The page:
Our final project recreates Rush Hour as a video game that is played using a touchpad implemented using 2D electric-field (E-field) sensors.
Rush Hour appealed to us as one of the better puzzles out there. Its level of difficulty can range from simple games to hard ones, thus making it suitable for players of most ages. As such, we decided to use it as a basis for our final project.
For this final project, we also decided to design a touchpad. Essentially, it is a 6×6 grid of sensor electrodes that uses E-field sensors which will provide the necessary response on we touch one of the grids. We are going to use this touchpad to play our game. The MCU will read the inputs from the touchpad sensors and move the objects and solve the puzzle.
The player plays by moving his/her fingers on a 6 � 6 grid (Rush Hour� original design) and by �pressing� a Select button (E-field sensor) to select a car. The E-field sensors will detect and transmit the sensor signals to the microcontroller unit (MCU). The MCU interprets the signals and reflects the player�s actions on a black-and-white television screen. The (MCU) is also programmed to prevent invalid moves and to allow the player to progress through new levels.
The Freescale Semiconductor MC33794D chip serves as the E-field sensor. The Atmel ATmega32 microcontroller (MCU) is used in this final project.
2. Rush Hour Game
The Goal: Drive the red car out of the car park.
Sounds easy? Not really�
The Rush Hour� Game is a traffic game puzzle invented by Nob Yoshigahara in the late 1970s. The goal is to drive the red car through the exit (yellow arrow in diagram). In the game, cars and trucks are placed in the 6 � 6 grid with the red car. Vertical vehicles can only move up/down, and horizontal vehicles can only move left/right. By moving the vehicles in the correct combination, the red car can be driven out. This puzzle has varying levels of difficulty, and expert levels can become very complicated that one requires over 40 moves to solve.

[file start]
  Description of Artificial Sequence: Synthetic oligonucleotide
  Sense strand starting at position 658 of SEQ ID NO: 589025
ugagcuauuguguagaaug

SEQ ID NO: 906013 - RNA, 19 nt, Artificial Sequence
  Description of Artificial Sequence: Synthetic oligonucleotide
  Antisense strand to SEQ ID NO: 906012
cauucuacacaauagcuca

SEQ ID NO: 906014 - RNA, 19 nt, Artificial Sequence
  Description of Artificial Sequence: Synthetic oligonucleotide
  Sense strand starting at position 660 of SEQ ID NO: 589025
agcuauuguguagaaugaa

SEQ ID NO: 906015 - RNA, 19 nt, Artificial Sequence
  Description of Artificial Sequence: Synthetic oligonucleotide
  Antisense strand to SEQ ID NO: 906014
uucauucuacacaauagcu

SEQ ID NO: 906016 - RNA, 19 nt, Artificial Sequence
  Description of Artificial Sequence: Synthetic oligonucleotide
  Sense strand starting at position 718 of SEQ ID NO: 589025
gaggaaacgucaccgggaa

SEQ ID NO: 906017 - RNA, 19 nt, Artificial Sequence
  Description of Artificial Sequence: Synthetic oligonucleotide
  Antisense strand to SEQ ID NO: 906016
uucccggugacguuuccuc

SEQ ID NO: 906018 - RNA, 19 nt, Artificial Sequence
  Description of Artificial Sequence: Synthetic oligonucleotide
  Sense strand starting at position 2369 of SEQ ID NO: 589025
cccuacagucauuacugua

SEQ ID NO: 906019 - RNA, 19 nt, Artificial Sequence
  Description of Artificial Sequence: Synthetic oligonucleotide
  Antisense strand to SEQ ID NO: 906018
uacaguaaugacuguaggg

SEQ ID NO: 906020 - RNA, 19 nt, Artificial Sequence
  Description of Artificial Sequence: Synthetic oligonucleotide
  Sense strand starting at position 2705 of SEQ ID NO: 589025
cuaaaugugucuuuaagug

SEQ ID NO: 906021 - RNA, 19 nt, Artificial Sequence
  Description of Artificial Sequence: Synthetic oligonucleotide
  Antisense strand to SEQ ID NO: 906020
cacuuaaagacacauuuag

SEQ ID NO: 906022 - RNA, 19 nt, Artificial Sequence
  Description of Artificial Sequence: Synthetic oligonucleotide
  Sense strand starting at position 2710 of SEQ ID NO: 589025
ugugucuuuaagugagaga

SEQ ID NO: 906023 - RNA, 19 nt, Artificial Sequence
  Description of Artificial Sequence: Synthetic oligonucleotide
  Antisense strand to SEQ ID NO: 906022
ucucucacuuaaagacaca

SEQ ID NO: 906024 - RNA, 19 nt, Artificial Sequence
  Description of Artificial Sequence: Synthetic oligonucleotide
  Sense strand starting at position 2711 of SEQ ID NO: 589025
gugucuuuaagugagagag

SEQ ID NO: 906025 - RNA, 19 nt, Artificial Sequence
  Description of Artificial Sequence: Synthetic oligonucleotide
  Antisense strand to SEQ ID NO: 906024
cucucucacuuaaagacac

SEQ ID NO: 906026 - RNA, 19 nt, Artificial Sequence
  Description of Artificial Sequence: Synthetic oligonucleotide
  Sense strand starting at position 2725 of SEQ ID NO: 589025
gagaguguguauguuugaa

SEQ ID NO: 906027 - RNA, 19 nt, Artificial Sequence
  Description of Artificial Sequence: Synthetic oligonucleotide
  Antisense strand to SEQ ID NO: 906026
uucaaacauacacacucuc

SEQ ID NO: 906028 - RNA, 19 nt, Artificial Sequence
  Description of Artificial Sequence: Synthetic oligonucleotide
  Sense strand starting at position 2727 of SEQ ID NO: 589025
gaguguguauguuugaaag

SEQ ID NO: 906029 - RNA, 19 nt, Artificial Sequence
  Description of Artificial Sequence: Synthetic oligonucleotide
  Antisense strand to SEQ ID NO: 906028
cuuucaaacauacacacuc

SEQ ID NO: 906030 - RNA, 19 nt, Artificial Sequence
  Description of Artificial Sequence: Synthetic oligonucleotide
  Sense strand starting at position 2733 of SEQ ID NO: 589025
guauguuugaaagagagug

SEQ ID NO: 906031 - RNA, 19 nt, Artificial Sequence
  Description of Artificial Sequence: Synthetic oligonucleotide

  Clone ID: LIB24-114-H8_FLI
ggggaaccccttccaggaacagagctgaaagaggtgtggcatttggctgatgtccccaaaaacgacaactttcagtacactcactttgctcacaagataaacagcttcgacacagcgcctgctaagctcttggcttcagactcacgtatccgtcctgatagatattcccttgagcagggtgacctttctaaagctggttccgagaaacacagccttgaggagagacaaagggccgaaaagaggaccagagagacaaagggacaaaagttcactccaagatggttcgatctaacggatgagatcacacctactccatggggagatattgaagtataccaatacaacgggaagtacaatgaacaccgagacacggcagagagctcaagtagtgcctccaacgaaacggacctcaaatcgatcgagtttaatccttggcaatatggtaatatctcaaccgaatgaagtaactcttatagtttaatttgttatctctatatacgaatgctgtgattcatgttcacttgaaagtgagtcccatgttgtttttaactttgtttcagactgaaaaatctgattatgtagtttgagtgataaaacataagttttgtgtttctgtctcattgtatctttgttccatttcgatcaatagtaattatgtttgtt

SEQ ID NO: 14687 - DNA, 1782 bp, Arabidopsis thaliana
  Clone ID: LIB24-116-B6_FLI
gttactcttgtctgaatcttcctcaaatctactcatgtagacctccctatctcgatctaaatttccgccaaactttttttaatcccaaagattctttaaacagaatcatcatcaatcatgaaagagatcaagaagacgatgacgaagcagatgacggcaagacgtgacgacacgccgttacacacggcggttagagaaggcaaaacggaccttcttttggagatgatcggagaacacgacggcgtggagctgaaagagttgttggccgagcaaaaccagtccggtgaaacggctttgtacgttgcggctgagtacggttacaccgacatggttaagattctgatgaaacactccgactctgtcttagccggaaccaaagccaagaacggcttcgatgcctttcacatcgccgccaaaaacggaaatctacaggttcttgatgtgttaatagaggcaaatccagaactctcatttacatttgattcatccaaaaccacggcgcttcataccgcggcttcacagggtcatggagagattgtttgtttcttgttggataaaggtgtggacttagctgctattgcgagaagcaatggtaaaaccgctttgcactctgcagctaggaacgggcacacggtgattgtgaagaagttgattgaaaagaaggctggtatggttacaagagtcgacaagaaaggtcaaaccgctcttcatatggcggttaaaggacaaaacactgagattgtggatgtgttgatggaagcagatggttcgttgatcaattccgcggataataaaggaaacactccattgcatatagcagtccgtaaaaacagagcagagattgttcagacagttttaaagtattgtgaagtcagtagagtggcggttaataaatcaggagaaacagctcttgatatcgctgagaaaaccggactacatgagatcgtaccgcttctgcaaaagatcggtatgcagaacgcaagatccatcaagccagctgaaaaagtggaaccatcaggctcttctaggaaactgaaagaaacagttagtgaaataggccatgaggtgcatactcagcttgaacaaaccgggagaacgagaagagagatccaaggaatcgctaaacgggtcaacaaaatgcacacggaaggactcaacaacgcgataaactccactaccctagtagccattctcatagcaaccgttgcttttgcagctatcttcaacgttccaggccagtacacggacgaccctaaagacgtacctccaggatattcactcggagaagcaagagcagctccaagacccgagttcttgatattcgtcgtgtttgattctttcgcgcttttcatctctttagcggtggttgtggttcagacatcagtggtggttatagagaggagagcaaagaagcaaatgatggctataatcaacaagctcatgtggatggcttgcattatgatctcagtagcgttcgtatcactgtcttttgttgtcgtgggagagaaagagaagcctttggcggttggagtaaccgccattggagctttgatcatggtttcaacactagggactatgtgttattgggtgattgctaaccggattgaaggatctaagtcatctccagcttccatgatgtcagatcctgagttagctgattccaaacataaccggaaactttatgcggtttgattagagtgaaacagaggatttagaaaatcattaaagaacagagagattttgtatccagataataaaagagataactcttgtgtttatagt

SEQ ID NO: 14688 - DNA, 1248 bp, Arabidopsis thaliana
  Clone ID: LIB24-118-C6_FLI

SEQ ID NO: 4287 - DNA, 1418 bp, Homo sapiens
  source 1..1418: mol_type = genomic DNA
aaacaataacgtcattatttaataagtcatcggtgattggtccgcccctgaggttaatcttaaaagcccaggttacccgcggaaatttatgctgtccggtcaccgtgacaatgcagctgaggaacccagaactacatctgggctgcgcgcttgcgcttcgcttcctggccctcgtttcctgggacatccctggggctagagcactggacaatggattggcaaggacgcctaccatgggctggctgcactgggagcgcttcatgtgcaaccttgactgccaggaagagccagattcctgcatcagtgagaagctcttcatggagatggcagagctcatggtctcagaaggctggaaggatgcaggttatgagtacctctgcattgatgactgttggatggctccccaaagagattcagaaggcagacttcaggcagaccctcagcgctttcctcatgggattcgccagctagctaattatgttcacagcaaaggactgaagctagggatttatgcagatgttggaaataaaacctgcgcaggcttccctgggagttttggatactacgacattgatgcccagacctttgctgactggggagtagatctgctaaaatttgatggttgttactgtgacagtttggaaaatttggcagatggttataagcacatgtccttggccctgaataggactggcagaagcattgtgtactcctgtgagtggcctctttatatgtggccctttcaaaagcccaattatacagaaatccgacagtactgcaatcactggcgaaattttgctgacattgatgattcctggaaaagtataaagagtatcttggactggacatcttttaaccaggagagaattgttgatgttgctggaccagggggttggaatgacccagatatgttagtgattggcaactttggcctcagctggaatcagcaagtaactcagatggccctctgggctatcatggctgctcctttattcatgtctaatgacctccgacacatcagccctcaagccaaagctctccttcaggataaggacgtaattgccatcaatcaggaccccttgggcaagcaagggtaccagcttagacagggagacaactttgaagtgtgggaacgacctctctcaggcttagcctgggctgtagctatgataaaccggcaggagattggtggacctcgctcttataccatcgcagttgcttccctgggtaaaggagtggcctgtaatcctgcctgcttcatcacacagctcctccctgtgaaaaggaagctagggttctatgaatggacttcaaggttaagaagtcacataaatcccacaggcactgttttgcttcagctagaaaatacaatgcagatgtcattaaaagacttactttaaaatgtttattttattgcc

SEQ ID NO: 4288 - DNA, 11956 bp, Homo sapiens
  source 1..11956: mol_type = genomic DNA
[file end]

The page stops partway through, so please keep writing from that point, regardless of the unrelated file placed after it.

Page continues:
3. High Level Design
3.1 Hardware Block Diagram Overview
The following block diagram describes our basic hardware layout.
3.2 Software State Machine Diagram:
The following state machine diagram provides an overview of our software
The program flow is captured in a form of a state diagram like the one shown above. It consists of 10 states: Initialization, poll, compute,draw, next_stage, waiting, clearWords, loadGame, ending, waiting2. An brief explanation of the states and what they do are further explained below. For a complete description of the algorithm used, please refer to a later section of the report for the details.
In this state, the program initializes the necessary hardware and software operators on different aspects of the program. The different aspects are: video pulse synchronization, video display, and signal reception from the touchpad. In video pulse synchronization, Timer 1 is set up to generate sync pulses for the video output. For video, the grid lines are drawn. The exit location is also shown by printing the name �EXIT� on the screen corresponding to that location. The difficulty of the current game is then displayed on the screen right beside the word �LEVEL� on the top left corner of the screen. The difficulty levels are represented from anything in the range of 1 to 8, 1 being the simplest game and 8 being the most difficult. In the initialization stage, the value that is being displayed is �1�.
poll � Poll inputs from touchpad electrodes